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Title: Topical negative pressure therapy in wound healing : a research tool to study neutrophil-mediated wound pathophysiology in acute dermal wounds
Author: Adams, Titus Sam Turner
ISNI:       0000 0001 3397 7932
Awarding Body: University of Bristol
Current Institution: University of Bristol
Date of Award: 2003
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Topical Negative Pressure therapy is in widespread use in the management of acute and chronic cutaneous wounds. The mechanisms of action are not fully understood, but are likely to be multifactorial. Experience of this therapy is based on a number of clinical series, case reports and some animal studies. There is a lack of direct evidence to determine its mechanisms of action and to support its clinical efficacy in human wound healing. This problem stems partly from difficulties in applying selective negative pressure to open exudative wounds. A new approach was required in applying this technology to wound surfaces in consenting patients. This thesis describes the design and validation of 'standard' and 'irrigation' devices that were used to apply Topical Negative Pressure to one part of a wound thus allowing intra-patient control. As a novel research tool, the irrigation device provided an opportunity to collect wound fluid from the surface of the wound for biochemical analysis. Paired wound biopsies of Topical Negative Pressure treated and control wounds were obtained. This thesis has demonstrated that Topical Negative Pressure (with intermittent suction) modulated the acute donor site wound and partial thickness burn wound during the first 48 hours of injury, by altering the distribution of inflammatory neutrophils in the dermis. Using a cycle of periods of suction-on and suction-off, Topical Negative Pressure increased the removal of Neutrophil Elastase from the wound during suction, in addition to its endogenous plasma-derived inhibitor, a1-Protease Inhibitor. Using this new device on human wounds has provided a means of understanding mechanisms in Topical Negative Pressure therapy, and has demonstrated its use as a research tool in the collection and analysis of wound fluid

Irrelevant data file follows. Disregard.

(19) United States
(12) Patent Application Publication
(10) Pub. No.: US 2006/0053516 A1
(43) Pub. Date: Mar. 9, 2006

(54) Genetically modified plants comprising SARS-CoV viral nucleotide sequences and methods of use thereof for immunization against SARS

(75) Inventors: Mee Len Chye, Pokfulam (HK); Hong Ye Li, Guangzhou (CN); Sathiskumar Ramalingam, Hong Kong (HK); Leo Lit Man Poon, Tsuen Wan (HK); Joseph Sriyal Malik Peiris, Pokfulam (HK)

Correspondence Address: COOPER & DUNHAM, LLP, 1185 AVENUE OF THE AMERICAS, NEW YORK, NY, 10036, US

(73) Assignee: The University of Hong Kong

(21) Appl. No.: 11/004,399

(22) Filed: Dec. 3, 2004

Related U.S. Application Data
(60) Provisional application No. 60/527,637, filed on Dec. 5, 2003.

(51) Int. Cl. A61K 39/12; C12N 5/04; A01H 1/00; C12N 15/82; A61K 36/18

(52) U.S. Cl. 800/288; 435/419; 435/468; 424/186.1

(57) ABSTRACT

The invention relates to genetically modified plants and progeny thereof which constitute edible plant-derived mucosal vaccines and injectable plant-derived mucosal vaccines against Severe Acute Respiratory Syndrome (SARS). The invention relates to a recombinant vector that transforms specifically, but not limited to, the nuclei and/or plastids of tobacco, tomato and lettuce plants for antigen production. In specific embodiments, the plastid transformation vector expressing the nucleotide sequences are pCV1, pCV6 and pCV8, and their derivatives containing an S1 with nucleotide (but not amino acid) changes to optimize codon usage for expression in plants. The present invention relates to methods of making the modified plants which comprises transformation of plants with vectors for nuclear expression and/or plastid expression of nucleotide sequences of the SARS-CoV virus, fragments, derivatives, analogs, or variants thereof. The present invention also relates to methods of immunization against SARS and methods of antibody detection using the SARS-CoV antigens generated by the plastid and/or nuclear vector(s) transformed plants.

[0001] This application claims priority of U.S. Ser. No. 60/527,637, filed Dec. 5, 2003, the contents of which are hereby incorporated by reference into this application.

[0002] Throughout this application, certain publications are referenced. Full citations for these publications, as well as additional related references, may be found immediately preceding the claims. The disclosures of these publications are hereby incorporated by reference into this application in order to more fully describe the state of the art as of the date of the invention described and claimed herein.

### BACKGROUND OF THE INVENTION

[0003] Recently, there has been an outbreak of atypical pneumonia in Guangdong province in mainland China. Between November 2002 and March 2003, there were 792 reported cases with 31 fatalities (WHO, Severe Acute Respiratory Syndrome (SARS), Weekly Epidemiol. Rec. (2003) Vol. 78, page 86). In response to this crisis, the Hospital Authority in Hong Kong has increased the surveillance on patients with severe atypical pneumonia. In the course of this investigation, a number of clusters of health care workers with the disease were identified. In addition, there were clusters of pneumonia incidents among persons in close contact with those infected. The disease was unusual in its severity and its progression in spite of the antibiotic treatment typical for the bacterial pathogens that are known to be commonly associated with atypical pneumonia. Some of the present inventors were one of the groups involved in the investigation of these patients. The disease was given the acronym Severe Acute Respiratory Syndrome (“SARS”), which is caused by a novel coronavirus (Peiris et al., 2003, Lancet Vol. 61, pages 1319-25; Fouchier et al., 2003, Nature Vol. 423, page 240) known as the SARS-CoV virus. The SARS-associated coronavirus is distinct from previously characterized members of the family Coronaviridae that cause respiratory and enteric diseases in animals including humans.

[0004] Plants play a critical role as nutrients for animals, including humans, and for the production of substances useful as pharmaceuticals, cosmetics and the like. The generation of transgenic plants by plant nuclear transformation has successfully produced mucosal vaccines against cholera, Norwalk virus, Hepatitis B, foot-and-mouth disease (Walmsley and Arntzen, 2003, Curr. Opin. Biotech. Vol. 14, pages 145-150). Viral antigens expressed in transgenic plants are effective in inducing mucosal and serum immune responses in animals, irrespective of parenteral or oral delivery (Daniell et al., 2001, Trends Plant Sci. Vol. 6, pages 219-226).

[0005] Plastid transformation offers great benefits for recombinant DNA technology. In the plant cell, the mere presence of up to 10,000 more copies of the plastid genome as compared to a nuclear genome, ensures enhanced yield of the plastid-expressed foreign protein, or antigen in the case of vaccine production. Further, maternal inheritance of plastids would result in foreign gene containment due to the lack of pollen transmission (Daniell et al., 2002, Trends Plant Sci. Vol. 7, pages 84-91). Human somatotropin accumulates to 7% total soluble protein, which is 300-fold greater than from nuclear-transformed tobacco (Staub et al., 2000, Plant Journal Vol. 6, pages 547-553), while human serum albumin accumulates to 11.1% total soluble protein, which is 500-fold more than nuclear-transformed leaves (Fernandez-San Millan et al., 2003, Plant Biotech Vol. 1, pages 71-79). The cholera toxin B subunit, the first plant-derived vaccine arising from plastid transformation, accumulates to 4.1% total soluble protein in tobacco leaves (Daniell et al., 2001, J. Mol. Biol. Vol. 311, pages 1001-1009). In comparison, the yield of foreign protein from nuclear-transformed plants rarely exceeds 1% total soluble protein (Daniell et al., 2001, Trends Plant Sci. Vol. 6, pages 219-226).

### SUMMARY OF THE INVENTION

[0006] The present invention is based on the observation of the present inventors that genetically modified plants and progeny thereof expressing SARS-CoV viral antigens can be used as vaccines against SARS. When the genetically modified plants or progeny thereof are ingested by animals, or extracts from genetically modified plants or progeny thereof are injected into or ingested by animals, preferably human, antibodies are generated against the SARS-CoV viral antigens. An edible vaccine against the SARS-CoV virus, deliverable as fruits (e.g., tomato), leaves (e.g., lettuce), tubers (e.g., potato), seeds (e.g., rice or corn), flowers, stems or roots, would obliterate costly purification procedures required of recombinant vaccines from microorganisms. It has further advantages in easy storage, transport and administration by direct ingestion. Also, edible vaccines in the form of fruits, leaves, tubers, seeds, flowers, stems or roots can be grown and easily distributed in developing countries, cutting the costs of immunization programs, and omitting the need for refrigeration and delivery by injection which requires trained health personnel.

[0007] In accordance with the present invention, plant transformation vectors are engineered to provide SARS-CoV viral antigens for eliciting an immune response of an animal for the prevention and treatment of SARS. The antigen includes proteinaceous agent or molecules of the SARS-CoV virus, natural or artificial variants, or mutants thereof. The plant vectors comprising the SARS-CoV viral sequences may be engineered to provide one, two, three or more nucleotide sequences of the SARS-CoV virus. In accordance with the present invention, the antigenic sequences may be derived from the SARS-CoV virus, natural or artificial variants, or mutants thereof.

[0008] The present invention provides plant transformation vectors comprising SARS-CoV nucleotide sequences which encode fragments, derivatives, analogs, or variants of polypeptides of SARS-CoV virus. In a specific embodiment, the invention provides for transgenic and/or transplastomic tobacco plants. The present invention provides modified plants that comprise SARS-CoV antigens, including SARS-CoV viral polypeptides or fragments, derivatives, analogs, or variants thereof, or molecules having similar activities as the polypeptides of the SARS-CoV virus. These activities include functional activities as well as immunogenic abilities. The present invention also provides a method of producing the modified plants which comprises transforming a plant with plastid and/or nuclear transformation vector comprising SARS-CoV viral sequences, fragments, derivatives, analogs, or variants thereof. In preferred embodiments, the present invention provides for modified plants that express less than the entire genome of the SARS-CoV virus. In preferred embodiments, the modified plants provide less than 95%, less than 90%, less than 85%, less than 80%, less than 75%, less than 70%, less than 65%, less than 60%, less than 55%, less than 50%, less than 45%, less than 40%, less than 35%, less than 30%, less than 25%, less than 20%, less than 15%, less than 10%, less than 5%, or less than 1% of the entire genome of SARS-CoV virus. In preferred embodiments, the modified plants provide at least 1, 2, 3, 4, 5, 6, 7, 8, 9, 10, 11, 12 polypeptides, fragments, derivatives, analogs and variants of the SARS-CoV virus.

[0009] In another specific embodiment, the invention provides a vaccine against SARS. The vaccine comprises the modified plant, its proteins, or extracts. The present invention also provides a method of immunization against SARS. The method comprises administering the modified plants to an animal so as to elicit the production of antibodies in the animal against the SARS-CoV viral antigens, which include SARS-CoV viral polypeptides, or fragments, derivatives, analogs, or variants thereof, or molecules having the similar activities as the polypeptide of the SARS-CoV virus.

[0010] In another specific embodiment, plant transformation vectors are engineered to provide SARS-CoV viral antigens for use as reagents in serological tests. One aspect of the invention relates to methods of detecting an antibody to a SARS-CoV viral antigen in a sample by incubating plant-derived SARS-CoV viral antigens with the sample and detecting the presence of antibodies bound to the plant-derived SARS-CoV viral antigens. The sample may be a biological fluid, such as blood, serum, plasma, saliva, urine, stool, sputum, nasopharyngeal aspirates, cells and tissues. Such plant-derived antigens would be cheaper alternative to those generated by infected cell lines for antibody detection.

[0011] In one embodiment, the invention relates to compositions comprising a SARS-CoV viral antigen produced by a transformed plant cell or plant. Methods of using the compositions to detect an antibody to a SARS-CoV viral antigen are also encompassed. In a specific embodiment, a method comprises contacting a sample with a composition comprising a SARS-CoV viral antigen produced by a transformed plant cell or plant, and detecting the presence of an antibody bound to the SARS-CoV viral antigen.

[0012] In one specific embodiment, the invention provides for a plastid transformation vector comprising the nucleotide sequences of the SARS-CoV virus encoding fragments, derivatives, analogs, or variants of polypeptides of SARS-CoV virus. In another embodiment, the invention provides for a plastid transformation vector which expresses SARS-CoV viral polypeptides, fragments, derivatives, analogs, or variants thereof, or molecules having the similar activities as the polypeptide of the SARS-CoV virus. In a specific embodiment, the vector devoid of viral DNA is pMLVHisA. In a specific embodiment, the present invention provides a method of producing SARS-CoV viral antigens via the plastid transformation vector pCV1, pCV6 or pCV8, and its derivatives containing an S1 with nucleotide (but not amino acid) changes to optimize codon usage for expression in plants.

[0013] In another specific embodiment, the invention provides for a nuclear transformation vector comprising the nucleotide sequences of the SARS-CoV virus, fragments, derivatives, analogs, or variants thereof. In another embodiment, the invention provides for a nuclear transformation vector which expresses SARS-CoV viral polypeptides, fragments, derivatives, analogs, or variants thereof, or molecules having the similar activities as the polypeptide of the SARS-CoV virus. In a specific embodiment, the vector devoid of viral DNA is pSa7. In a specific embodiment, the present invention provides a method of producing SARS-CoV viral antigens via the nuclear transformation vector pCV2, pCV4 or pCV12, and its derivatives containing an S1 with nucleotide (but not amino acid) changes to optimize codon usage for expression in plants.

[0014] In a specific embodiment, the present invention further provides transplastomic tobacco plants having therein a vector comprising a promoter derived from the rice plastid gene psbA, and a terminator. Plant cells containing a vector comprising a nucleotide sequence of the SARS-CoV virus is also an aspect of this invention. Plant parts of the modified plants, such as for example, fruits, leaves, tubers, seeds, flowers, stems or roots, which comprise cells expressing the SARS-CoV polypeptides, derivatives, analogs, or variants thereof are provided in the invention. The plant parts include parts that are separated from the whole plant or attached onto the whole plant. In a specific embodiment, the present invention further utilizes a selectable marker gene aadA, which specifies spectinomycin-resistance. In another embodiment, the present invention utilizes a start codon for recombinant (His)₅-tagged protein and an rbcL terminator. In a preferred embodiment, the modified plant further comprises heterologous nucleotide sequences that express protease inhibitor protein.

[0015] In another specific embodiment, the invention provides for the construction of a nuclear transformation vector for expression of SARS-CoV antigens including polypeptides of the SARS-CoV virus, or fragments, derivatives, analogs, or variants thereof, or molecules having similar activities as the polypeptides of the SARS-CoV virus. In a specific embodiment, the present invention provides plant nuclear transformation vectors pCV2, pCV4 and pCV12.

Supervisor: Not available Sponsor: Not available
Qualification Name: Thesis (Ph.D.) Qualification Level: Doctoral
EThOS ID:  DOI: Not available